Severe neutropenia induced by chemotherapy or conditioning for hematopoietic cell transplantation often results in morbidity and mortality due to infection by opportunistic pathogens. A system has been developed to generate ex vivo-expanded mouse myeloid progenitor cells (mMPCs) that produce functional neutrophils in vivo upon transplantation in a pathogen challenge model. It has previously been demonstrated that transplantation of large numbers of freshly isolated myeloid progenitors from a single donor provides survival benefit in radiation-induced neutropenic mice. In the present work, an ex vivo-expanded and cryopreserved mMPC product generated from an allogeneic donor pool retains protective activity in vivo in a lethal fungal infection model. Infusion of the allogeneic pooled mMPC product is effective in preventing death from invasive Aspergillus fumigatus in neutropenic animals, and protection is dose dependent. Cell progeny from the mMPC product is detected in the bone marrow, spleen, blood, and liver by flow cytometry 1 week postinfusion but is no longer evident in most animals 4 weeks posttransplant. In this model, the ex vivo-generated pooled allogeneic mMPC product (i) expands and differentiates in vivo; (ii) is functional and prevents death from invasive fungal infection; and (iii) does not permanently engraft or cause allosensitization. These data suggest that an analogous ex vivo-expanded human myeloid progenitor cell product may be an effective off-the-shelf bridging therapy for the infectious complications that develop during hematopoietic recovery following hematopoietic cell transplantation or intensive chemotherapy. PMID:25812169

  3. Plasticity of hematopoietic stem cells.

    PubMed

    Ogawa, Makio; LaRue, Amanda C; Mehrotra, Meenal

    2015-01-01

    Almost two decades ago, a number of cell culture and preclinical transplantation studies suggested the striking concept of the tissue-reconstituting ability of hematopoietic stem cells (HSCs). While this heralded an exciting time of radically new therapies for disorders of many organs and tissues, the concept was soon mired by controversy and remained dormant. This chapter provides a brief review of evidence for HSC plasticity including our findings based on single HSC transplantation in mouse. These studies strongly support the concept that HSCs are pluripotent and may be the source for the majority, if not all, of the cell types in our body. PMID:26590762

  4. Deregulated KLF4 Expression in Myeloid Leukemias Alters Cell Proliferation and Differentiation through MicroRNA and Gene Targets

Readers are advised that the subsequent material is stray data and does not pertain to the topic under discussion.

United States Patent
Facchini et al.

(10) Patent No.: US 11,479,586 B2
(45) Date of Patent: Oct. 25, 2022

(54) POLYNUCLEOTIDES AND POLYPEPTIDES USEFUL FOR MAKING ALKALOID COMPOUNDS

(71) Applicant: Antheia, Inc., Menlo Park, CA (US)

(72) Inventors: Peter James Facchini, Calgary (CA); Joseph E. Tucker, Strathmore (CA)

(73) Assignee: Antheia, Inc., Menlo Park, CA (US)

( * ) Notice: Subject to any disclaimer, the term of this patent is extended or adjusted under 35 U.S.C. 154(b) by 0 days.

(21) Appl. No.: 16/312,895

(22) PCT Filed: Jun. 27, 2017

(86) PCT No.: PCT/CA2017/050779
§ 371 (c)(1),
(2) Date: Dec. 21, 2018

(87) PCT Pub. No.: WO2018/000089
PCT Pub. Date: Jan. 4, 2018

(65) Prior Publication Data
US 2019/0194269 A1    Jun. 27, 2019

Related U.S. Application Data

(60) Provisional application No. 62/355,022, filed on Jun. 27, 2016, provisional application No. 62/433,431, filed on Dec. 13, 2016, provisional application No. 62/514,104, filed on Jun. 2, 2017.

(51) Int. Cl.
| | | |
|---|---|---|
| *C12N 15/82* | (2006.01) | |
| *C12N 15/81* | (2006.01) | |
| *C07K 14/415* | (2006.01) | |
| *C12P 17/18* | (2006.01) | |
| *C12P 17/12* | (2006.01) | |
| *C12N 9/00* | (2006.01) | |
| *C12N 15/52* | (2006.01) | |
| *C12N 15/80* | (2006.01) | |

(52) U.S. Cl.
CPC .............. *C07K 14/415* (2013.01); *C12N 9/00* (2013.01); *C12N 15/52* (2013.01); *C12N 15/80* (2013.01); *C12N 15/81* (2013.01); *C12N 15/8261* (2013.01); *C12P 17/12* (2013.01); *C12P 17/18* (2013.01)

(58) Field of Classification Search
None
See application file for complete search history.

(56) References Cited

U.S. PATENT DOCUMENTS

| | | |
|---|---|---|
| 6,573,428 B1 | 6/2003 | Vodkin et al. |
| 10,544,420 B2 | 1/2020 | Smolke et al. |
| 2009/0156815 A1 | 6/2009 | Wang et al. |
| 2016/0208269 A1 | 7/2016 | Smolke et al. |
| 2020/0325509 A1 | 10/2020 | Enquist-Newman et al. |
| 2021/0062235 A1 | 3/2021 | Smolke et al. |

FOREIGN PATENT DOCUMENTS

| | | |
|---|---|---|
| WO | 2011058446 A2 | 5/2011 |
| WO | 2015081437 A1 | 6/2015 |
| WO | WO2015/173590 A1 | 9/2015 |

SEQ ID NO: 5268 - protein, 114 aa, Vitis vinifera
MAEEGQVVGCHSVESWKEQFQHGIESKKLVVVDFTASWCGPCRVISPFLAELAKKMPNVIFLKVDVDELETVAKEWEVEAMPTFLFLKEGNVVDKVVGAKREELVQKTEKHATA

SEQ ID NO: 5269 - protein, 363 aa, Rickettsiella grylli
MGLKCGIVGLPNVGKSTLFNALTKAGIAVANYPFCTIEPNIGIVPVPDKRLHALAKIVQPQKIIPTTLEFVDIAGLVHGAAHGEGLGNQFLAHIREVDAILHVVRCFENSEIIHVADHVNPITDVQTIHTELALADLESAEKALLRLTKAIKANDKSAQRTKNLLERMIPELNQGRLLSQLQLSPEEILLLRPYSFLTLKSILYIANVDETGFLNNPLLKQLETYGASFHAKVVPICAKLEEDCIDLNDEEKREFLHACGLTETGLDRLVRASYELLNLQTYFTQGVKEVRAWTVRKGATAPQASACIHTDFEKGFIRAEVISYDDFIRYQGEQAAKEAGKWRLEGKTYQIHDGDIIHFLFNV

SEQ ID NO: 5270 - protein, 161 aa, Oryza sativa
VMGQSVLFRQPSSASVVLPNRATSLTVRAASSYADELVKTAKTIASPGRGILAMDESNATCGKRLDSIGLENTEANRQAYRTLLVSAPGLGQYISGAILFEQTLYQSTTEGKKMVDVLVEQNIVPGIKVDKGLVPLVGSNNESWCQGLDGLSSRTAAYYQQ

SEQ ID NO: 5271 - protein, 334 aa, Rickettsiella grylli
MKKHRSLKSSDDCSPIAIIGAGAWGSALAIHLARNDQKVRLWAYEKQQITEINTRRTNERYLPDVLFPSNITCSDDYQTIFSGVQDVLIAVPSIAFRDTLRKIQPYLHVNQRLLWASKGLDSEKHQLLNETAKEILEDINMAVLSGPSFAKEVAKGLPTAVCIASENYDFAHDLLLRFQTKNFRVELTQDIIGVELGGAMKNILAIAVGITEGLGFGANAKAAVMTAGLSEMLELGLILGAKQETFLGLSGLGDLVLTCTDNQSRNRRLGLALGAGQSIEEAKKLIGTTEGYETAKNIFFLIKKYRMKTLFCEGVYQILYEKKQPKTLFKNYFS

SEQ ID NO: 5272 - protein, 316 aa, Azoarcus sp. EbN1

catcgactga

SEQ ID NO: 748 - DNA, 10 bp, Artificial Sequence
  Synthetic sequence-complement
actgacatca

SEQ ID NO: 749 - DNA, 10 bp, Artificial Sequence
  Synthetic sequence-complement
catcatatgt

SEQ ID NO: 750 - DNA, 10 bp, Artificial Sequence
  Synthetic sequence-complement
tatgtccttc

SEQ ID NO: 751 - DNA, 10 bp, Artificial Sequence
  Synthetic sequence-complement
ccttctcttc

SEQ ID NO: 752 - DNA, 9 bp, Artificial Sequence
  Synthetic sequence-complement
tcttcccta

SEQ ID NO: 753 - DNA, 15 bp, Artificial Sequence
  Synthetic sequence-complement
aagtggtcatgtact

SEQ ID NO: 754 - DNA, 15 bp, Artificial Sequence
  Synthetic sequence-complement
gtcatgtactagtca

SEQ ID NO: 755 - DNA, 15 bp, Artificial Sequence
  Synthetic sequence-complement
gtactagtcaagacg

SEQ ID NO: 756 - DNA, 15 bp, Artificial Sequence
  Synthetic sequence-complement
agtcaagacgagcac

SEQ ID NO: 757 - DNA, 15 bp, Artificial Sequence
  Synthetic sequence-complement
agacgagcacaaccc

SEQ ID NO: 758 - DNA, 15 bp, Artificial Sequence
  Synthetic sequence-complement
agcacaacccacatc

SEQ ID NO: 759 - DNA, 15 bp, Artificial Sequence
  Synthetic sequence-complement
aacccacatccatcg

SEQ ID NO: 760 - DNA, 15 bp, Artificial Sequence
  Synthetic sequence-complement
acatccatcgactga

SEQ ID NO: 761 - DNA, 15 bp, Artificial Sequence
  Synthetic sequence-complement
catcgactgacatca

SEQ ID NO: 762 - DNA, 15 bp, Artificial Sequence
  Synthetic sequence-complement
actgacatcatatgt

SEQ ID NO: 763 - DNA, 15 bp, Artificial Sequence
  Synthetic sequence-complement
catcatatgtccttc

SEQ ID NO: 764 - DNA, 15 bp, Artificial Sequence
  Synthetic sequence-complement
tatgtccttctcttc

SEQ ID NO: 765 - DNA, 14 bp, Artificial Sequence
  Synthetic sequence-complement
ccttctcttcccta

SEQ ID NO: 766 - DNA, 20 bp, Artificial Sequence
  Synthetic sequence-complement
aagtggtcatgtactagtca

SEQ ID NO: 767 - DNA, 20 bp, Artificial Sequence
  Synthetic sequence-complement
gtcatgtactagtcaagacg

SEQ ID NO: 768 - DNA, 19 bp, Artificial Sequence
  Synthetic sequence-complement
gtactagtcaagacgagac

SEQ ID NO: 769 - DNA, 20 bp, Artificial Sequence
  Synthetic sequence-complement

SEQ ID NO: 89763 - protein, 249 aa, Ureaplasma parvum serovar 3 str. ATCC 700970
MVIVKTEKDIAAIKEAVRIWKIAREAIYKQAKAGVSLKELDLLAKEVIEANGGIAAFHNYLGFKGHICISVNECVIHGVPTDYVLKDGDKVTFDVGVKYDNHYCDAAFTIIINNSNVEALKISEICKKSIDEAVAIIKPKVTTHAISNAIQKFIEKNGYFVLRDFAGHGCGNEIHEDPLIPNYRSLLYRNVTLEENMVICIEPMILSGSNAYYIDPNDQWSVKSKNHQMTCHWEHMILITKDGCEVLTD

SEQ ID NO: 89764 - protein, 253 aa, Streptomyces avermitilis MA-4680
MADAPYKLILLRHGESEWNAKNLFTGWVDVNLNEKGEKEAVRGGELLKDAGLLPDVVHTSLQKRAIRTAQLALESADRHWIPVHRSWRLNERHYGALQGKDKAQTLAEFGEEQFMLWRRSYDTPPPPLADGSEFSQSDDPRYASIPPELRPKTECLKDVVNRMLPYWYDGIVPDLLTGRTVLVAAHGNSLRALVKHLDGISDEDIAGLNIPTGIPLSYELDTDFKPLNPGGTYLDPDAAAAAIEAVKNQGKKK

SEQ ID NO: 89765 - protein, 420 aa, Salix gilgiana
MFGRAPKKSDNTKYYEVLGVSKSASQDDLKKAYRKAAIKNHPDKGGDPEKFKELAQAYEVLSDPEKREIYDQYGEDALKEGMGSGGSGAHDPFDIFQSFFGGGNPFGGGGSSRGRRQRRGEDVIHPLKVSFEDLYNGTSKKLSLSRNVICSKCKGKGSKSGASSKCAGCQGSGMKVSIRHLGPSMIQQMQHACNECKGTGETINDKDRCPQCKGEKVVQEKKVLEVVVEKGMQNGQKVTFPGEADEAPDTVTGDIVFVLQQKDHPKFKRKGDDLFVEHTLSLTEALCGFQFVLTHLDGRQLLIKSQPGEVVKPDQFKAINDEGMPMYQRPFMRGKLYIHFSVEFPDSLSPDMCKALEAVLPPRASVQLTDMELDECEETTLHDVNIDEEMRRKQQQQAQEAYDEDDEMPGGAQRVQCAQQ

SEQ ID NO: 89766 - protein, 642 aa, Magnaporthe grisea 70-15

PubMed Central

    Morris, Valerie A.; Cummings, Carrie L.; Korb, Brendan; Boaglio, Sean

    2015-01-01

    Acute myeloid leukemia (AML) is characterized by increased proliferation and blocked differentiation of hematopoietic progenitors mediated, in part, by altered myeloid transcription factor expression. Decreased Krüppel-like factor 4 (KLF4) expression has been observed in AML, but how decreased KLF4 contributes to AML pathogenesis is largely unknown. We demonstrate decreased KLF4 expression in AML patient samples with various cytogenetic aberrations, confirm that KLF4 overexpression promotes myeloid differentiation and inhibits cell proliferation in AML cell lines, and identify new targets of KLF4. We have demonstrated that microRNA 150 (miR-150) expression is decreased in AML and that reintroducing miR-150 expression induces myeloid differentiation and inhibits proliferation of AML cells. We show that KLF family DNA binding sites are necessary for miR-150 promoter activity and that KLF2 or KLF4 overexpression induces miR-150 expression. miR-150 silencing, alone or in combination with silencing of CDKN1A, a well-described KLF4 target, did not fully reverse KLF4-mediated effects. Gene expression profiling and validation identified putative KLF4-regulated genes, including decreased MYC and downstream MYC-regulated gene expression in KLF4-overexpressing cells. Our findings indicate that decreased KLF4 expression mediates antileukemic effects through regulation of gene and microRNA networks, containing miR-150, CDKN1A, and MYC, and provide mechanistic support for therapeutic strategies increasing KLF4 expression. PMID:26644403

  5. Olive leaf components apigenin 7-glucoside and luteolin 7-glucoside direct human hematopoietic stem cell differentiation towards erythroid lineage.

    PubMed

    Samet, Imen; Villareal, Myra O; Motojima, Hideko; Han, Junkyu; Sayadi, Sami; Isoda, Hiroko

    2015-06-01